Homeland Security and Mass Transit

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Experts tell us that "terrorists can attack anything, anywhere at any time... but we cannot protect everything, everywhere all the time." London has a "model" security system, but four bombers got past it. Scotland Yard says at least one likely suspect died in the bombings, and that another has been arrested. In the aftermath of last week's London bombings, US Senators of both parties want more money for transit security here. Could mass transit ever be completely secure and still accomplish its purpose with speed and convenience? Should nuclear or biological attacks get higher priority than bombs on trains, subways and buses? We get input from experts on defense and national security and transportation, including former Democratic Senator Gary Hart, who has served on two recent committees studying the issue.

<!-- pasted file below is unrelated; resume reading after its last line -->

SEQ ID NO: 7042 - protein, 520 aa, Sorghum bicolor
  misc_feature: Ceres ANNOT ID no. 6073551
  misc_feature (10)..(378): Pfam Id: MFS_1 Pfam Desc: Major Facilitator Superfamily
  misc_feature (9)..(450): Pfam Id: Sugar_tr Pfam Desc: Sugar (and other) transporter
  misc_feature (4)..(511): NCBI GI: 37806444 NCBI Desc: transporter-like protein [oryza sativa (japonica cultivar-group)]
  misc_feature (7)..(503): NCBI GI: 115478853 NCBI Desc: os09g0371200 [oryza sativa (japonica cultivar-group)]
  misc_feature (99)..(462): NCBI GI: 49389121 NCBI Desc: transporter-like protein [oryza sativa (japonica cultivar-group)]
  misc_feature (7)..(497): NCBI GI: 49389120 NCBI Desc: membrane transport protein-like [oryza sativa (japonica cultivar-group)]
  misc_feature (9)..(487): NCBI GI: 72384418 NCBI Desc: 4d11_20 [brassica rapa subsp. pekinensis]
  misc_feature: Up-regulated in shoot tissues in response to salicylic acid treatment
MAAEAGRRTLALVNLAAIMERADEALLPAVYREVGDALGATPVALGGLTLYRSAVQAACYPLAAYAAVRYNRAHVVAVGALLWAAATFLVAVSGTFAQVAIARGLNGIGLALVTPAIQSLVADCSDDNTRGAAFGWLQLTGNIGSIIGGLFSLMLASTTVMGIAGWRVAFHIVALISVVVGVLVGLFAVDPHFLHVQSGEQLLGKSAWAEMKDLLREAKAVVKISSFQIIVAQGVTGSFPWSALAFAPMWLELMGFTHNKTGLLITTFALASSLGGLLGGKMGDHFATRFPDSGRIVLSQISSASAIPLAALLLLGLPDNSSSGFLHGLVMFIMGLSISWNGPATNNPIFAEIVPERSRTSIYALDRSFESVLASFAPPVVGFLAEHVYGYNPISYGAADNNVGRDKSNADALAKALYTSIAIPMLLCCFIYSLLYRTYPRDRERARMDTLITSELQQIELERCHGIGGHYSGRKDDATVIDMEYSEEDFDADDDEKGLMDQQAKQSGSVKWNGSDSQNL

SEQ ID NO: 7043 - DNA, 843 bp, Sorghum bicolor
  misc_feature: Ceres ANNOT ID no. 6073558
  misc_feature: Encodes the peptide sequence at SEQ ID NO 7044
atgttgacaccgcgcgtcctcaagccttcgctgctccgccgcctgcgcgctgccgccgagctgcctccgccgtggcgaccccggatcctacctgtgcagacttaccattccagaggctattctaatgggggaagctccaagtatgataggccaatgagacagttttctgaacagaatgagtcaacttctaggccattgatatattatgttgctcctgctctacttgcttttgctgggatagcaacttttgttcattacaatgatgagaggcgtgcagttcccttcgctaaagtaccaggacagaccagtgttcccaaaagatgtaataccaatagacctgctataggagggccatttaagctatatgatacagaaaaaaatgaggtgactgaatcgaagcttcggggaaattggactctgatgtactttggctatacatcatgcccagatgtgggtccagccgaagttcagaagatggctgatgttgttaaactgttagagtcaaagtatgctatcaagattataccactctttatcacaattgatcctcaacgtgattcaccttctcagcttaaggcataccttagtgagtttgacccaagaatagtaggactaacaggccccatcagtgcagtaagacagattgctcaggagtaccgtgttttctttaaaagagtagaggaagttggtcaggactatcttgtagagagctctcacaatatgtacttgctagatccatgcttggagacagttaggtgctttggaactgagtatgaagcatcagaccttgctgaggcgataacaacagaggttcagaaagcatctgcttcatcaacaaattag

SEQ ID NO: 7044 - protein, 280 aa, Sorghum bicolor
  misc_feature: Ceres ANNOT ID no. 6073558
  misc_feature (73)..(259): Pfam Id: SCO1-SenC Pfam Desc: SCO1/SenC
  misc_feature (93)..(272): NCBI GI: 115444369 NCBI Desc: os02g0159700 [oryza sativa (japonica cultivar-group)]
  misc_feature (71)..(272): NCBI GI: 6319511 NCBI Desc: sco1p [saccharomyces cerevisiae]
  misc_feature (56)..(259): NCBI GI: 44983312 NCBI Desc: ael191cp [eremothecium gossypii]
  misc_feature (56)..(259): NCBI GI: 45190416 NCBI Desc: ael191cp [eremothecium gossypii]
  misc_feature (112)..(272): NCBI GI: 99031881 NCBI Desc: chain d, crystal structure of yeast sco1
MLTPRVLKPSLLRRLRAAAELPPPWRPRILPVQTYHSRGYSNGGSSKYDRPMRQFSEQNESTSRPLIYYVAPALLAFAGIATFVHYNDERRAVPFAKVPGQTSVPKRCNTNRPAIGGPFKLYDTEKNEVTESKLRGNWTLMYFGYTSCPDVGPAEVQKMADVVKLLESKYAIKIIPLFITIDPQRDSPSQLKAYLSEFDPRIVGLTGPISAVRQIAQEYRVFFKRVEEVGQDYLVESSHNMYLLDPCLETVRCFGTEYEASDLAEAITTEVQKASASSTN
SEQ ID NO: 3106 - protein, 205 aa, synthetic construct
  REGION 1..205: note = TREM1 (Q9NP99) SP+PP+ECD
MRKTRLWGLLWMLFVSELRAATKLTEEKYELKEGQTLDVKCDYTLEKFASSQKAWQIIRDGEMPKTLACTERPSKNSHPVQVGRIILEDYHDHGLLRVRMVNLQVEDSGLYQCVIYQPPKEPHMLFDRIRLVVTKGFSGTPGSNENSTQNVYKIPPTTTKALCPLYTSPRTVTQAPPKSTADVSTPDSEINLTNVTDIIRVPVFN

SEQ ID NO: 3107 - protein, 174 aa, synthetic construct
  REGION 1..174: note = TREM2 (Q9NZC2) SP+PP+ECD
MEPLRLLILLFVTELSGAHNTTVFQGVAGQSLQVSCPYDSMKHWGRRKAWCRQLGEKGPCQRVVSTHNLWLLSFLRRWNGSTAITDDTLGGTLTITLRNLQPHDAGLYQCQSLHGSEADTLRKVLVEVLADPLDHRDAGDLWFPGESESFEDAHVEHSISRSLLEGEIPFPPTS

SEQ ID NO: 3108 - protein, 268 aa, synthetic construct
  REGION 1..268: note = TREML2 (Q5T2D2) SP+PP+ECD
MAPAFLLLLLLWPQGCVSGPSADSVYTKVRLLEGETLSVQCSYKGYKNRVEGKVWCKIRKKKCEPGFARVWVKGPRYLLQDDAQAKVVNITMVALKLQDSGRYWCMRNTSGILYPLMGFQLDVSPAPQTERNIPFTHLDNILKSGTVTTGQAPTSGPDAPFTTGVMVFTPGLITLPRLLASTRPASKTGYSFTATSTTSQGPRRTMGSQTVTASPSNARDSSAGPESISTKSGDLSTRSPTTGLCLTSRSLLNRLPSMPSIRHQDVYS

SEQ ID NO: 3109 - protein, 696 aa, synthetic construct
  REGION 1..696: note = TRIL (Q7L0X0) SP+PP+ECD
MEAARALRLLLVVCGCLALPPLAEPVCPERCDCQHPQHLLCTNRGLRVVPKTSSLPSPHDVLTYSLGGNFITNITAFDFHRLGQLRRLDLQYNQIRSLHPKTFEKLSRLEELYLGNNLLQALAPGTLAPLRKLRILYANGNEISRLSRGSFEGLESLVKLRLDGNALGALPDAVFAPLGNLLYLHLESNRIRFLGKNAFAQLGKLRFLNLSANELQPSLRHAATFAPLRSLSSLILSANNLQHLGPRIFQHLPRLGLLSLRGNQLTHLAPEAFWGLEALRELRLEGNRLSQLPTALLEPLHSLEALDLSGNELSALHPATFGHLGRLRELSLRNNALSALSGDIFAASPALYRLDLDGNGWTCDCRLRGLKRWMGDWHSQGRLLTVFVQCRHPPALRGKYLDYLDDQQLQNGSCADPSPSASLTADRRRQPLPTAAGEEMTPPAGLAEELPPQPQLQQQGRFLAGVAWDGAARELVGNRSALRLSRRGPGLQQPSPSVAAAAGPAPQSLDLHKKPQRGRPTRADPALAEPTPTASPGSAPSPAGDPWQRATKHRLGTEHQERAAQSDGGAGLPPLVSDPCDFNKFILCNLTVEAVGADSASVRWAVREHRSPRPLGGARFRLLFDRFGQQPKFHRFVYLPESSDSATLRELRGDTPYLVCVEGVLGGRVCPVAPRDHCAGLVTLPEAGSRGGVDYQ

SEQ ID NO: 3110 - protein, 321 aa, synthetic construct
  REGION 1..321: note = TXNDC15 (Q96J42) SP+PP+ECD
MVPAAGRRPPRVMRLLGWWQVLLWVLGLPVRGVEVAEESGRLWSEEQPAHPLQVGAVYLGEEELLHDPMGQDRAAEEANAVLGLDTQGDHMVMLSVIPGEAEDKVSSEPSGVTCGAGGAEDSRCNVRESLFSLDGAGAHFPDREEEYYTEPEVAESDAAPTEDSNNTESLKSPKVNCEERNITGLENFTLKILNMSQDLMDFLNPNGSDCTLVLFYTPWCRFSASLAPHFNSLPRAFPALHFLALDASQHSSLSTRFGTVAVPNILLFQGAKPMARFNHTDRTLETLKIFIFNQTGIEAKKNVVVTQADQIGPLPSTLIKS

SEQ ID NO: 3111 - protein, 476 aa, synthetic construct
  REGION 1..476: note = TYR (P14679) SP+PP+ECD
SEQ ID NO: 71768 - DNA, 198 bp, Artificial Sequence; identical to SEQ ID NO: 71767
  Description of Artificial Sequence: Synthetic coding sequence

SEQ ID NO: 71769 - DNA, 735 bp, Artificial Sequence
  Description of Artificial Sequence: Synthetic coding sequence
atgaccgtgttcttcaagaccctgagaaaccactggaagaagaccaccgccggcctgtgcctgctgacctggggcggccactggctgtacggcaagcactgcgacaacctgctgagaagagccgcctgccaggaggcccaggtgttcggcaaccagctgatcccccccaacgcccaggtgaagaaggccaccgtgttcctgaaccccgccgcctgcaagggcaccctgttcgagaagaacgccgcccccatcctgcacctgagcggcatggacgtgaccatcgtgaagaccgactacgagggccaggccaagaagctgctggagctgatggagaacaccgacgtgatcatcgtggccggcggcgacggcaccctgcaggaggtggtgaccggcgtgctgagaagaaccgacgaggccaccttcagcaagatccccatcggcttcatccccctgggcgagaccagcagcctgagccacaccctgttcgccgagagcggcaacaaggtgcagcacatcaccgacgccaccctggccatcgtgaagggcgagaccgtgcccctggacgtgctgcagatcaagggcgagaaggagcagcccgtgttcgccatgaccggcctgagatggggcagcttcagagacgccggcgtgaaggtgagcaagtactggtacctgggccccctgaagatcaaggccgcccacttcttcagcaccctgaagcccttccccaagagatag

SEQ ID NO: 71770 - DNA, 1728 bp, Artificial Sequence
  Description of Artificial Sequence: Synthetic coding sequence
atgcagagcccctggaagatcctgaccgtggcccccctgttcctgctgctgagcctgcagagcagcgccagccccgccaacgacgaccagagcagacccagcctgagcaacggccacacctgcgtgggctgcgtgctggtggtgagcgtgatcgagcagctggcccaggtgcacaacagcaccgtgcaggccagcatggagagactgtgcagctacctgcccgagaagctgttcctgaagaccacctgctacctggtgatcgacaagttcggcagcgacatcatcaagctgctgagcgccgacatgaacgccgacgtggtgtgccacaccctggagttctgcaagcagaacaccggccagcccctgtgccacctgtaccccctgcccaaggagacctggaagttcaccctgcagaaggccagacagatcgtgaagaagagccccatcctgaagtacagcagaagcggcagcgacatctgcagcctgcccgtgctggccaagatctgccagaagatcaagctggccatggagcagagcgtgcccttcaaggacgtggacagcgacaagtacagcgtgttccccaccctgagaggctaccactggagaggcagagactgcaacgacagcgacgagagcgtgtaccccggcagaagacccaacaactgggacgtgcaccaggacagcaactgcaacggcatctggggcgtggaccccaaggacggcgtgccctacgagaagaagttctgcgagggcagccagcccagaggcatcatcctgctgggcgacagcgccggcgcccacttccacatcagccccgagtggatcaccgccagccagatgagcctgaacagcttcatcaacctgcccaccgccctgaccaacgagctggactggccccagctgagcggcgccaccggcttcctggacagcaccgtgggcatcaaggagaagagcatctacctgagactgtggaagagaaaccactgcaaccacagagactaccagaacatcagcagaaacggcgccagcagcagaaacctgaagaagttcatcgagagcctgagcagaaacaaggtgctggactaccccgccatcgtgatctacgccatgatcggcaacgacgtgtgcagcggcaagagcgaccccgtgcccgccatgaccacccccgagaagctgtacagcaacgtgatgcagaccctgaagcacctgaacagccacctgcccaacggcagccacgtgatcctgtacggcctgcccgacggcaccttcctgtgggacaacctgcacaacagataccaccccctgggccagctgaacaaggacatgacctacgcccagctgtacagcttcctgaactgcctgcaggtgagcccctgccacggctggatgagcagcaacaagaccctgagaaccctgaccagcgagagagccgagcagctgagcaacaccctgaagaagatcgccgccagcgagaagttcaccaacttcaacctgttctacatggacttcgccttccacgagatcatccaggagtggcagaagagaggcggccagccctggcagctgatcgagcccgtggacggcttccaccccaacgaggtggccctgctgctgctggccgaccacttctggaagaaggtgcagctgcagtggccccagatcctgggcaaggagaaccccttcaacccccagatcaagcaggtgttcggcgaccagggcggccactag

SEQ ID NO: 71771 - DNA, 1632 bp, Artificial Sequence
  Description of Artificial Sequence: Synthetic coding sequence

• Making News: Police Investigating Whether Bombers Died in London Blasts
    Scotland Yard investigators are focused on four men--three from Leeds in West Yorkshire--one of whom died in the bombing at Aldgate tube station. They're trying to determine if three others died at the other bombing locations. Jeff McAllister is London Bureau Chief for Time magazine.
  • Reporter's Notebook: Should the President Fire Karl Rove?
    A year ago President Bush pledged to fire any White House official who leaked information about a CIA agent. Today, Democratic Senator John Kerry said that Bush should fire Karl Rove; New York's Hillary Clinton agreed. When the President was asked the question directly, he made no response. Neither did Press Secretary Scott McClellan at today's White House briefing. John Harwood is National Political Editor for the Wall Street Journal.

Scotland Yard on investigation into London bombings

Department of Homeland Security (DHS)

DHS ups threat level after London bombings

July 12 White House press conference

Recent To the Point on confidential sources and the press



Warren Olney